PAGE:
Bye bye Bond: The new 007 is a black woman, but does everything old need to be fixed?

  16 July 2019    Read: 1948
Bye bye Bond: The new 007 is a black woman, but does everything old need to be fixed?

The James Bond franchise will shake things up completely for its 25th instalment, casting a black actress to take over from Daniel Craig as the new 007 – since re-doing old stories with a PC angle is easier than writing new ones.

The UK’s Daily Mail reports that British actress Lashana Lynch will take over from Craig as codename 007 in the as-yet-untitled film. The movie will reportedly see Craig retain the title role, however, being called out of retirement in Jamaica for one last mission. If previous trends are anything to go by – and if the move pays off – Lynch may then take over fully for the 26th movie.

The revelation is not so surprising in an era when political correctness has become something of a new religion – and naturally, the casting has somewhat ironically prompted much divisiveness on social media, where there have been both celebrations of the daring move and anger that the long-established brand of the male, martini-sipping Bond would be fundamentally changed forever.

To avoid confusion, it should be pointed out that Lynch won’t be playing ‘James Bond’ per se, but will be taking over the 007 codename, which, technically speaking, can be done by anyone. 

The question is whether or not it should be.

The Bond news comes shortly after it was announced that the Little Mermaid character would also be played by a black actress in an upcoming live-action remake of the 1989 classic, causing similarly divided social media reaction. Before that, there was the controversy over the casting of a black actress in the role of the white, red-haired Annie in 2014 – and the way things are going, a black female Bond won’t be the end of it, either.

Amid all of the outrage and celebrations, only a few are pointing out the laziness of rehashing the same old stories with ‘diversified’ casts in blatant attempts to make bag-loads of money pandering to more varied demographics – all without having to get the creative juices flowing to come up with entirely new characters and storylines.

Perhaps afraid to pour money into untested ideas, Hollywood studios are churning out remakes a dime a dozen – but the creative inertia could backfire if enough people decide that Bond (and the rest of the modernized remakes) are no longer worth the price of a movie ticket.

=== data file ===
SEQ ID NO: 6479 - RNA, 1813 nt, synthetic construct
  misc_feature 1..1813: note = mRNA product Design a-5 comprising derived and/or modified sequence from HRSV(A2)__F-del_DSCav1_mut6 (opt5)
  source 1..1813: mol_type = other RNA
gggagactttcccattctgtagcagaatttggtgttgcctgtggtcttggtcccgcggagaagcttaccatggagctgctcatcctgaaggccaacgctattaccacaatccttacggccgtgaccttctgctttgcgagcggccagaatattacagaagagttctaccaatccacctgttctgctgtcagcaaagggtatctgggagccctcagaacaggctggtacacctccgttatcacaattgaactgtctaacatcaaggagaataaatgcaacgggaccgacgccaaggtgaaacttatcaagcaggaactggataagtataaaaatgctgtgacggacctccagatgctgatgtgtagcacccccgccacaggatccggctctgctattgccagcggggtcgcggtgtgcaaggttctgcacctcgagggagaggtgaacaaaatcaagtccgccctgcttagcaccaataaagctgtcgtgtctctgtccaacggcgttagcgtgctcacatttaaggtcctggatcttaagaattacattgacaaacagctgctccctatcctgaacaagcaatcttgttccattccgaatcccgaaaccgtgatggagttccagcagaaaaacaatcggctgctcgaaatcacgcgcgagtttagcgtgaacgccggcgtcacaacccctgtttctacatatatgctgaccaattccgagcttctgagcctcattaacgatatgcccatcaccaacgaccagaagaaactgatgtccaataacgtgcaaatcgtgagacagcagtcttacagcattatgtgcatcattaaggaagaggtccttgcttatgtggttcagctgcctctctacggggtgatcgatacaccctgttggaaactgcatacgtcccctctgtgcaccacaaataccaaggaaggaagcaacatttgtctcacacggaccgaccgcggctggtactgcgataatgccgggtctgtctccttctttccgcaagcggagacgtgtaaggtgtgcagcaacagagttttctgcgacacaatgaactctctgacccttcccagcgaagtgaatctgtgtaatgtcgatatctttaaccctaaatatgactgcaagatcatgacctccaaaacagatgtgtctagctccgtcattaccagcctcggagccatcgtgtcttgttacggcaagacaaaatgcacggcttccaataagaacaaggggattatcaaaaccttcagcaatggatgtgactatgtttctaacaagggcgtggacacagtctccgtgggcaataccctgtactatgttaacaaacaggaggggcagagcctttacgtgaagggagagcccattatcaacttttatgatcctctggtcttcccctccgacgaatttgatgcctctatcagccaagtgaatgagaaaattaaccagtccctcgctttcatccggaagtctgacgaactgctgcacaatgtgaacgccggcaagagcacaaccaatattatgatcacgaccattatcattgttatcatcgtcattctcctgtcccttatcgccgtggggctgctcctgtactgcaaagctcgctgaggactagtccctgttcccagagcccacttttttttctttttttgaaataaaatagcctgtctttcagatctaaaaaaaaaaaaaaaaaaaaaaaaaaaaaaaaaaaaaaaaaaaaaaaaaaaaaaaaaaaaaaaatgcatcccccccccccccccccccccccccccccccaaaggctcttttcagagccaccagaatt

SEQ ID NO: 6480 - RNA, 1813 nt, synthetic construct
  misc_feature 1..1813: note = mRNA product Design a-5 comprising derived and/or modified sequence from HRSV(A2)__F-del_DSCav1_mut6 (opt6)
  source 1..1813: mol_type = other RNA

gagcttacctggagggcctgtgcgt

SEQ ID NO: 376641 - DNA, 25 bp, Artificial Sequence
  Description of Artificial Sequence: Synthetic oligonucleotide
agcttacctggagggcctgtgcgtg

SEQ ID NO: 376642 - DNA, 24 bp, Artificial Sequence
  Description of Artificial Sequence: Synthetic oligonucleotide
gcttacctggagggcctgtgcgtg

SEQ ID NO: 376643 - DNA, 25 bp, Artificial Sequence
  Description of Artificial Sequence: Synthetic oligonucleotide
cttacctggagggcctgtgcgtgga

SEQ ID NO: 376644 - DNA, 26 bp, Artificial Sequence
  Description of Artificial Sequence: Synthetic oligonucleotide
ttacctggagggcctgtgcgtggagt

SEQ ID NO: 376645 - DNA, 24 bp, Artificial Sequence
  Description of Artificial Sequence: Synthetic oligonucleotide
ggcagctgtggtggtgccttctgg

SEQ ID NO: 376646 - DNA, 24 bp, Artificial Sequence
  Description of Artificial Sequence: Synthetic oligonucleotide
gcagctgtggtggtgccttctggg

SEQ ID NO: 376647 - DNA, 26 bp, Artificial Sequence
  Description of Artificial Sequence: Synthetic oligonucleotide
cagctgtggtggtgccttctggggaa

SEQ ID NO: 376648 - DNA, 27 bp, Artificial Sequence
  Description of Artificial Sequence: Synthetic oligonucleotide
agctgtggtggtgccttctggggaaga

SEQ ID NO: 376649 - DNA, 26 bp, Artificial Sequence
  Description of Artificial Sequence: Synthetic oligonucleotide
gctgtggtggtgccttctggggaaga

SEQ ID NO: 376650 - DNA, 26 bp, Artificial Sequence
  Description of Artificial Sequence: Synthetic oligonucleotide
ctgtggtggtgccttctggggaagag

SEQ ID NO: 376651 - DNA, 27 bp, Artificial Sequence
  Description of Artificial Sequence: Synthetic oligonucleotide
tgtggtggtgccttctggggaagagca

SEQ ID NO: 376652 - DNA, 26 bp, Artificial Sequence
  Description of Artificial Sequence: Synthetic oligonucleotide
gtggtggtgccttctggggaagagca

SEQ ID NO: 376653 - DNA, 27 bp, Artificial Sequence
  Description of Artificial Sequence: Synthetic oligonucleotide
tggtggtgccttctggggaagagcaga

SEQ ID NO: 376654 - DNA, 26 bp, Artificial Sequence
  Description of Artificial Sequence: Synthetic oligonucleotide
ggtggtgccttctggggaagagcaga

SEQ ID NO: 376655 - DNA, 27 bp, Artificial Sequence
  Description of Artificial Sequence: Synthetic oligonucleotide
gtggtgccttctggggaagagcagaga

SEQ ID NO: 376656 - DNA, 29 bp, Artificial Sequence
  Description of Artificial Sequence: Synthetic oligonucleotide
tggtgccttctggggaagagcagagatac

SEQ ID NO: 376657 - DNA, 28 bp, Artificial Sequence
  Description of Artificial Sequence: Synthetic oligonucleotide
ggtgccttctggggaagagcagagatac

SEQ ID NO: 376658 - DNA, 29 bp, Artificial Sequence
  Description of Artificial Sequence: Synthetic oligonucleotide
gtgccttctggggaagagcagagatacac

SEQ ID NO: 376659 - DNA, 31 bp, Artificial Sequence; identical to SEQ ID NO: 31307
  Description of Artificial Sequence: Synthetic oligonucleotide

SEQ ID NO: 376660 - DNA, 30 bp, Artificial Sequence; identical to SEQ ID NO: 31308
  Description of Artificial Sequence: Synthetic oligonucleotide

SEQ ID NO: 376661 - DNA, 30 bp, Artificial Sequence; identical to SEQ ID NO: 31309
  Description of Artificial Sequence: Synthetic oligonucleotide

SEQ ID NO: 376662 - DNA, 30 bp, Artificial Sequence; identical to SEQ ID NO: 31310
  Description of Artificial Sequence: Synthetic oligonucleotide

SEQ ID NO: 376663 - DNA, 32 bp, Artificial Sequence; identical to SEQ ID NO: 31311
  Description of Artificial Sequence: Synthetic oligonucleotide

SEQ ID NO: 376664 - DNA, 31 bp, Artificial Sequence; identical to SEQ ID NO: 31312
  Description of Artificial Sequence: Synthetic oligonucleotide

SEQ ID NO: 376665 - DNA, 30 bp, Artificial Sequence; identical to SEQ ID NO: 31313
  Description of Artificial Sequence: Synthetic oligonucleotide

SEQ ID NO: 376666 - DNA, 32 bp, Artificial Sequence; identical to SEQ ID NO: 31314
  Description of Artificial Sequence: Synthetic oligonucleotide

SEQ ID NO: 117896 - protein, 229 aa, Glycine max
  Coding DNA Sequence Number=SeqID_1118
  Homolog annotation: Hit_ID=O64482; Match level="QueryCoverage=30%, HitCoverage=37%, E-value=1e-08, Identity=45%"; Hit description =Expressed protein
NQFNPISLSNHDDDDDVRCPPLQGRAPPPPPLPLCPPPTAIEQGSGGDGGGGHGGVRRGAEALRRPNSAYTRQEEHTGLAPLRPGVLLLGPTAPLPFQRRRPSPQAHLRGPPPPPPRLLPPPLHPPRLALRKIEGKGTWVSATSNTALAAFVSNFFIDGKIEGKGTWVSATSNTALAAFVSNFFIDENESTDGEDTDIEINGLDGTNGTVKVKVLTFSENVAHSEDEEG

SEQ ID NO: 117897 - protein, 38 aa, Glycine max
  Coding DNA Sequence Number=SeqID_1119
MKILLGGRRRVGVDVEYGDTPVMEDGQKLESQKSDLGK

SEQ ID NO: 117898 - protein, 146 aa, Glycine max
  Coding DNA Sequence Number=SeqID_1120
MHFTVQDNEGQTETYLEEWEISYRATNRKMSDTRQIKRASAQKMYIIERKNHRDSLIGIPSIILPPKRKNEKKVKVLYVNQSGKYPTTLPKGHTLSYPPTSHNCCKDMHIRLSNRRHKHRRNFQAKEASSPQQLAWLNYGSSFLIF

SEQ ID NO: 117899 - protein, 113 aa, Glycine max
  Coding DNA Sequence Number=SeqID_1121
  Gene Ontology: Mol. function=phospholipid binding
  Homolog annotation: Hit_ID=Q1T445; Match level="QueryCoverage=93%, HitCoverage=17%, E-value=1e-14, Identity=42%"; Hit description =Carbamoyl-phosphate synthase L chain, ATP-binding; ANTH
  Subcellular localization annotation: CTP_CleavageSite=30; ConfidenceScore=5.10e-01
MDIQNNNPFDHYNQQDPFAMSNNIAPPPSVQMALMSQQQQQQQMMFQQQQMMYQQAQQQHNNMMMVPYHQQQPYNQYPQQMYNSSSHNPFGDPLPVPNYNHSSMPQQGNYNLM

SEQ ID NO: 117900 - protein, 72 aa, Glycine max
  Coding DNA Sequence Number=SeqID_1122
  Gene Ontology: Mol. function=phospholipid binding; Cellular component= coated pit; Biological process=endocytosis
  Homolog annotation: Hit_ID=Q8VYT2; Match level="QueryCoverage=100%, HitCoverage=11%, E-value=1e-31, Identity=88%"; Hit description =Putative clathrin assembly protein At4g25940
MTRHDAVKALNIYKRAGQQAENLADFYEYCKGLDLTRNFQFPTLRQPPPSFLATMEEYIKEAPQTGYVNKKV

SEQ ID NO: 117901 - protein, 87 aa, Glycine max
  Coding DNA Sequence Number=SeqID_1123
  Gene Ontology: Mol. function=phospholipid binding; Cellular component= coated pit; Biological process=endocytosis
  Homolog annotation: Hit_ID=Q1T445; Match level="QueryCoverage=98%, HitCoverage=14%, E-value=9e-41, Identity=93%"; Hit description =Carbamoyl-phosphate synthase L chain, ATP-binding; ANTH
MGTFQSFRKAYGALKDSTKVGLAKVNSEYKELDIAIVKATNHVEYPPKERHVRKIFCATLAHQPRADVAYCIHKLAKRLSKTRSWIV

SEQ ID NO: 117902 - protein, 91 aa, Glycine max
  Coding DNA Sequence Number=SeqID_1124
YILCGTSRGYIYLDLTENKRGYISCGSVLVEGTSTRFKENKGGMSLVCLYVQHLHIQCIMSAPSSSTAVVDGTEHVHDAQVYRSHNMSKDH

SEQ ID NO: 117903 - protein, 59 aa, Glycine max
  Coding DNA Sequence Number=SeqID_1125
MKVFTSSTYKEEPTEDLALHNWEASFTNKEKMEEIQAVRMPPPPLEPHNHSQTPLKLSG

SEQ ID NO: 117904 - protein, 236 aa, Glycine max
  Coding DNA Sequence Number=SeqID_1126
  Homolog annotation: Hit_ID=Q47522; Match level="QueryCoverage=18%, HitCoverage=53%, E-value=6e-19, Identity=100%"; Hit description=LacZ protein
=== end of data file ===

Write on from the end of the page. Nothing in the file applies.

If the opposite happens and people eat up the recycled offerings, then we can look forward to an endless stream of tedious remakes of everything from The Sound of Music to Chitty Chitty Bang Bang.

The trend also points to an arguably insulting assumption that women – of any race – would be so overwhelmed with gratitude to be ‘given’ a traditionally male role. 

In an era when Hollywood actresses talk so much about a lack of strong female leads, one might assume they’d be happier to see each other take on new, challenging roles in female-driven stories – instead of being placated by the offer of recycled male roles that have been around for decades.

Does everything old need to be fixed? If a movie franchise is outdated, surely the better option is to simply move on and make something new? Bond critics have long said the character is a womanizing player unfit for the #MeToo era – or, a “sleazy sexist pig” as one tweeter put it. Why is the solution to that to simply turn the 007 character into a woman? Even if that description of Bond is apt, “sleazy sexist pigs” do exist in the world and erasing them from the plots of all movies to sanitize stories for the sake of political correctness is quite unrealistic.

If the latest obsession with rewriting movie history to be less ‘sexist’ and ‘racist’ continues in the current vein, audiences may soon start to catch on to the fact that this lazy pandering is more about Hollywood studios making a quick buck than genuine interest in diversity and inclusivity.

 

RT


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